The Serpentine presented the first major exhibition of work by Kerstin Brätsch and Adele Röder in a UK public institution.
Brätsch and Röder are based in New York and London. While each has her own practice, the artists have worked collaboratively as DAS INSTITUT since 2007.
The exhibition at the Serpentine North Gallery presented works resulting from their collaboration, as well as pieces from their individual practices.
In her work, Brätsch uses painting to question the ways in which the body can be expressed – psychologically, physically and socially – while Röder searches for basic symbolic forms to create a non-verbal language utilising clothing, posture and light. As DAS INSTITUT, the artists attempt to communicate the inexpressible – the intuitive, irrational element of human experience and relationships.
DAS INSTITUT focuses on the kinds of communication that occur between individuals, and this has led them to collaborate with other artists. Featured within the show were a number of additional contributions: a film by historian and filmmaker Alexander Kluge, a composition in light and sound by Sergei Tcherepnin, a series of traditional Hawaiian Hula dances organized by Ei Arakawa and a fragmented portrait of Brätsch and Röder by Allison Katz.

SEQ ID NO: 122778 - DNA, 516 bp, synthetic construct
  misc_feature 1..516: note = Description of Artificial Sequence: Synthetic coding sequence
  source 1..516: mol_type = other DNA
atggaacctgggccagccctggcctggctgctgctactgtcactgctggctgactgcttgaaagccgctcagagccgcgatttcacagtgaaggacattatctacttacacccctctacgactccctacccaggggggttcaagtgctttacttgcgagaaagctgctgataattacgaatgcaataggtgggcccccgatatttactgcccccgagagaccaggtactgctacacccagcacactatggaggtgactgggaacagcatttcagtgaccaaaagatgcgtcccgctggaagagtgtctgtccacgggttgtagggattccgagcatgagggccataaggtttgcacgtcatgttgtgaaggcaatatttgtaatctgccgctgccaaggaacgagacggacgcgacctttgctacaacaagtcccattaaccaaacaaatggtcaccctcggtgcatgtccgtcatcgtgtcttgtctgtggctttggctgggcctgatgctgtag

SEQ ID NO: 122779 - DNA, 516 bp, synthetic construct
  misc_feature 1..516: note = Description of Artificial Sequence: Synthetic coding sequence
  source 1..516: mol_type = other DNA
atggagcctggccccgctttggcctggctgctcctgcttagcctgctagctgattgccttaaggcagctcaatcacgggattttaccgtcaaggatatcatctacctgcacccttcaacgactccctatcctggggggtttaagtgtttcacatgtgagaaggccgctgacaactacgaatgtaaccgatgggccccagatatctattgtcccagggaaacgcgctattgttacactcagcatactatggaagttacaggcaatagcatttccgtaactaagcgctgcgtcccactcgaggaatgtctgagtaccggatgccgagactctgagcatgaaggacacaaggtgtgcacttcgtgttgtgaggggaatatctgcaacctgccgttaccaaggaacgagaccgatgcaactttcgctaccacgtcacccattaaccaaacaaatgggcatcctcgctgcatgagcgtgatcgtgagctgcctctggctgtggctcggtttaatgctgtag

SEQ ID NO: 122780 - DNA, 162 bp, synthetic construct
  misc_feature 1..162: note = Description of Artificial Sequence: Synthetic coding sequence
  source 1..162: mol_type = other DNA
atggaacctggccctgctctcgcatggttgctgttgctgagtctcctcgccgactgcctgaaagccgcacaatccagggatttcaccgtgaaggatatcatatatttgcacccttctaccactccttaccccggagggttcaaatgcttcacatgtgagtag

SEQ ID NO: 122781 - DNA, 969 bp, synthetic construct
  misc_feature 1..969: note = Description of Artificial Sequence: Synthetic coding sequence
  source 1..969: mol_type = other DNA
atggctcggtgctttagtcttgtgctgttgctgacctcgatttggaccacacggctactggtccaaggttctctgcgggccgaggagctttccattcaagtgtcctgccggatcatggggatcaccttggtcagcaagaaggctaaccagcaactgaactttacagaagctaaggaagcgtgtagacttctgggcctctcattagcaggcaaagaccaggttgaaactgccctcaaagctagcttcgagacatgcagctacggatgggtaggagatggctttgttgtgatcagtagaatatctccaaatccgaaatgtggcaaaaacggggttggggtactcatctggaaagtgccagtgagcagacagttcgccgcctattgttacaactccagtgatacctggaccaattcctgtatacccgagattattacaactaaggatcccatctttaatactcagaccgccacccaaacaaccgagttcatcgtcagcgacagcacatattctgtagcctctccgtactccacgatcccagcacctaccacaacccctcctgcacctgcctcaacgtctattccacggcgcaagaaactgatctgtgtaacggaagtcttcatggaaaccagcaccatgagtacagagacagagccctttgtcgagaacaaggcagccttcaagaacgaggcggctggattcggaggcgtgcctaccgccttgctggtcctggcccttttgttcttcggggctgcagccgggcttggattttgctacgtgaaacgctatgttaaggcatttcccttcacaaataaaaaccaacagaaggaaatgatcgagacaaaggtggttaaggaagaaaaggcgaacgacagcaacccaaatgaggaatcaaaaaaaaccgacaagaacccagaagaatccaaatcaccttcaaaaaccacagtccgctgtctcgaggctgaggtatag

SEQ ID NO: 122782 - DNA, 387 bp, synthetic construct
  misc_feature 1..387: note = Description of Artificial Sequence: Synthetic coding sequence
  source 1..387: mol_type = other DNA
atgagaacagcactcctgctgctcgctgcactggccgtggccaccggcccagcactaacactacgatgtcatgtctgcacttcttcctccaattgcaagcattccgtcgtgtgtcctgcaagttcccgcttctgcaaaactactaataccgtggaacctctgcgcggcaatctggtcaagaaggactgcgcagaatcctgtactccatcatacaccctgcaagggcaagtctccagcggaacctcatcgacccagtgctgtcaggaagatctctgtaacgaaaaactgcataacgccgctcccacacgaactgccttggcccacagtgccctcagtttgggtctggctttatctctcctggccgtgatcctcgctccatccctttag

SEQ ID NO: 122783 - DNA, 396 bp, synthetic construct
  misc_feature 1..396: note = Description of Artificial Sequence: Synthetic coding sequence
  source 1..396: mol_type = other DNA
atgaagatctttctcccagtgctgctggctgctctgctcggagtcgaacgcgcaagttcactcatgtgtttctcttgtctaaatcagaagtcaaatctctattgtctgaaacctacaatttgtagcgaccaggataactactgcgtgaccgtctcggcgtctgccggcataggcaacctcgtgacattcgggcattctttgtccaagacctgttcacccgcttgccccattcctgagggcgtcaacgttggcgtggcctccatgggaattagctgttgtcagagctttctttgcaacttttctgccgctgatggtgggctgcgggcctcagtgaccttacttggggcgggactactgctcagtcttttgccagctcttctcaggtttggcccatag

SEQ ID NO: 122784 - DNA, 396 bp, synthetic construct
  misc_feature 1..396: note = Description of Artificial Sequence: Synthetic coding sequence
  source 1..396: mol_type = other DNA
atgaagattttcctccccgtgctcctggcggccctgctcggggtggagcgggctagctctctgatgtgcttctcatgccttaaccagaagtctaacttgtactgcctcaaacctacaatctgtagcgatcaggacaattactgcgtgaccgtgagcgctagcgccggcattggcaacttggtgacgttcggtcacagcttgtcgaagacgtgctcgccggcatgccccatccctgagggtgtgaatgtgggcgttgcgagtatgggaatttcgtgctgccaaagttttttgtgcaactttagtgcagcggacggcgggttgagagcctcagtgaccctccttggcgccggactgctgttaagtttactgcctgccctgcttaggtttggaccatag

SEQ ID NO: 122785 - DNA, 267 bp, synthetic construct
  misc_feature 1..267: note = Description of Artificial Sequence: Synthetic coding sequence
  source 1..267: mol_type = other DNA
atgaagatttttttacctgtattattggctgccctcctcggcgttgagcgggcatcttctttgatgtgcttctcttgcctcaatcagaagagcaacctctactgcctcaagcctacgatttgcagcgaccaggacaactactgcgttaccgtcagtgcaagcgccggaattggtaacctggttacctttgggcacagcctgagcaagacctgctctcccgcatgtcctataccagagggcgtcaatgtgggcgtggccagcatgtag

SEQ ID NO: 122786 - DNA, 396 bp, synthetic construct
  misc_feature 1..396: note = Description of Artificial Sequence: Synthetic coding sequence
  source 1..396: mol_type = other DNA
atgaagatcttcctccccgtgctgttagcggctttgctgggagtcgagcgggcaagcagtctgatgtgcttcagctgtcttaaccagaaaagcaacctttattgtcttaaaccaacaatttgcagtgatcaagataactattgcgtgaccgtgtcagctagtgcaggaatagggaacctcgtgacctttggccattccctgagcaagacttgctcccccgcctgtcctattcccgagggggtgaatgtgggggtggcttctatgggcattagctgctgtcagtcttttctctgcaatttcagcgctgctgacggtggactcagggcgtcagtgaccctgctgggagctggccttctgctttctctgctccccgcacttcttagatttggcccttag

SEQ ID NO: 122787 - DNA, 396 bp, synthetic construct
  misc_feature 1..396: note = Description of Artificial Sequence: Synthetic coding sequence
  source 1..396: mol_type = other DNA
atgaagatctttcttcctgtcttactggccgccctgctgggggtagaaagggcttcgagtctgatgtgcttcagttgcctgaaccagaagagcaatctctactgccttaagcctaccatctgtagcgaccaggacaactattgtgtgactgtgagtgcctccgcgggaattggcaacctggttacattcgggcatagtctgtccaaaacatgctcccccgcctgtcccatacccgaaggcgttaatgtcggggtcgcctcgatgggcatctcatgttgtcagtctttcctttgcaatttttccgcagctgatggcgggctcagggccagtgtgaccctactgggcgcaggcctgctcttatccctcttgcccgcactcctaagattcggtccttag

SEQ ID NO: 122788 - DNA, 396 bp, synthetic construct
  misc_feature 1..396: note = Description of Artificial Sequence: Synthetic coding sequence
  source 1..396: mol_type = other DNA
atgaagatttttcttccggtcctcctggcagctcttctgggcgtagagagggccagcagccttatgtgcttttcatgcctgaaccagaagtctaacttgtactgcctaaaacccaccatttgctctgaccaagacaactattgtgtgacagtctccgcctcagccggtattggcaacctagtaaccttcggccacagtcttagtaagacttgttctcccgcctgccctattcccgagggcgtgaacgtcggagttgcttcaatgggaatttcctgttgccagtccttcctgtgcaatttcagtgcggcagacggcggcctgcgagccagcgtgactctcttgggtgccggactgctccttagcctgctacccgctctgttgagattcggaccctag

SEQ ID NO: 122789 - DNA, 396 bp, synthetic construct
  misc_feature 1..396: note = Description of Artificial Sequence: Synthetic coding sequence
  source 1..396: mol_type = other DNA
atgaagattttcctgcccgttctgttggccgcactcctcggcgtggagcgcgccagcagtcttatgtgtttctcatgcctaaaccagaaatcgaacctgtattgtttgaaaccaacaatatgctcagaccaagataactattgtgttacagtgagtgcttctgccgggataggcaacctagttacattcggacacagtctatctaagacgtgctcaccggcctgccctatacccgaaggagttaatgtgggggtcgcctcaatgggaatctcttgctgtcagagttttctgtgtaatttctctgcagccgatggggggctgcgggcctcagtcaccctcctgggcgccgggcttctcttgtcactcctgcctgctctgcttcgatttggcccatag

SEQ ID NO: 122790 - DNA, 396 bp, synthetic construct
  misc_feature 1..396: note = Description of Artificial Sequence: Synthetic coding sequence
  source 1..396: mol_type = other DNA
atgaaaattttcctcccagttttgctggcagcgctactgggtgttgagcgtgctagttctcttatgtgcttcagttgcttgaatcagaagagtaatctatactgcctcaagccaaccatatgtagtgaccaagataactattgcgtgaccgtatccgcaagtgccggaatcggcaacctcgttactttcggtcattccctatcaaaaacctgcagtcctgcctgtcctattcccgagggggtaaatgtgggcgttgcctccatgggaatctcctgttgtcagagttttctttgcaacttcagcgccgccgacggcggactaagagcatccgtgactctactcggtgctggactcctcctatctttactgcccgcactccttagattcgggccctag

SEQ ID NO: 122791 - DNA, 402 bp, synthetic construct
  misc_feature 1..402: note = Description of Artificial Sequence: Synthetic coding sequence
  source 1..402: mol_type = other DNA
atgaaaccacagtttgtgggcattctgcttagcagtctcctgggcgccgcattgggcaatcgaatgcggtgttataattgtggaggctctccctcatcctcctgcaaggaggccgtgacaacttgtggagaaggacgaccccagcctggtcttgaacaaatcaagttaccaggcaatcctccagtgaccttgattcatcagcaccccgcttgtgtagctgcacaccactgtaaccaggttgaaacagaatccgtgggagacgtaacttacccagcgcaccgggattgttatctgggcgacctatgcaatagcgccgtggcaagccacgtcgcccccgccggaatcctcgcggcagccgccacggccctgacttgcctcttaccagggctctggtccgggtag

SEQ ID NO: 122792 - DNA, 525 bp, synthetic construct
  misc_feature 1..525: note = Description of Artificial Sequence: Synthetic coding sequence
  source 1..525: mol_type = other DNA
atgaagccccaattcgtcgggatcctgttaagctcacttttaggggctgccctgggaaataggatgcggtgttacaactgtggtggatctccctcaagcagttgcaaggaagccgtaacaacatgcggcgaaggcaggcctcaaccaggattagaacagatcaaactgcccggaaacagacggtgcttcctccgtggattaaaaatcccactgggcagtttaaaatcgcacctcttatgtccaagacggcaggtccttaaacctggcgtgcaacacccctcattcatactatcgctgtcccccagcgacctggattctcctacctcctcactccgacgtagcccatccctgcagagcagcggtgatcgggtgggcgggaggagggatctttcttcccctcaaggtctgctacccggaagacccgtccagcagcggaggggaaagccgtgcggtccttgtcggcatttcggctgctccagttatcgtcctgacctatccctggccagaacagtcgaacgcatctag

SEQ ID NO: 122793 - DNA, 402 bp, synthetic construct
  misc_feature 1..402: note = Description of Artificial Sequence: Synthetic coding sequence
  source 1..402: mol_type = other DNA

The exhibition DAS INSTITUT focused on the transformative properties and effects of light on bodies and spaces. The skylights of the gallery were covered with coloured gels and the key sources of light were the artworks themselves, as projected images, as stained glass and as neon shapes. Traces of Brätsch and Röder’s own physical presence were also made visible: silhouettes and photographs of their bodies were incorporated into a number of works, such as the Am Sonntag Series (2014), while their faces and figures emerged through the surfaces of pieces, such as Dark Codex (2015).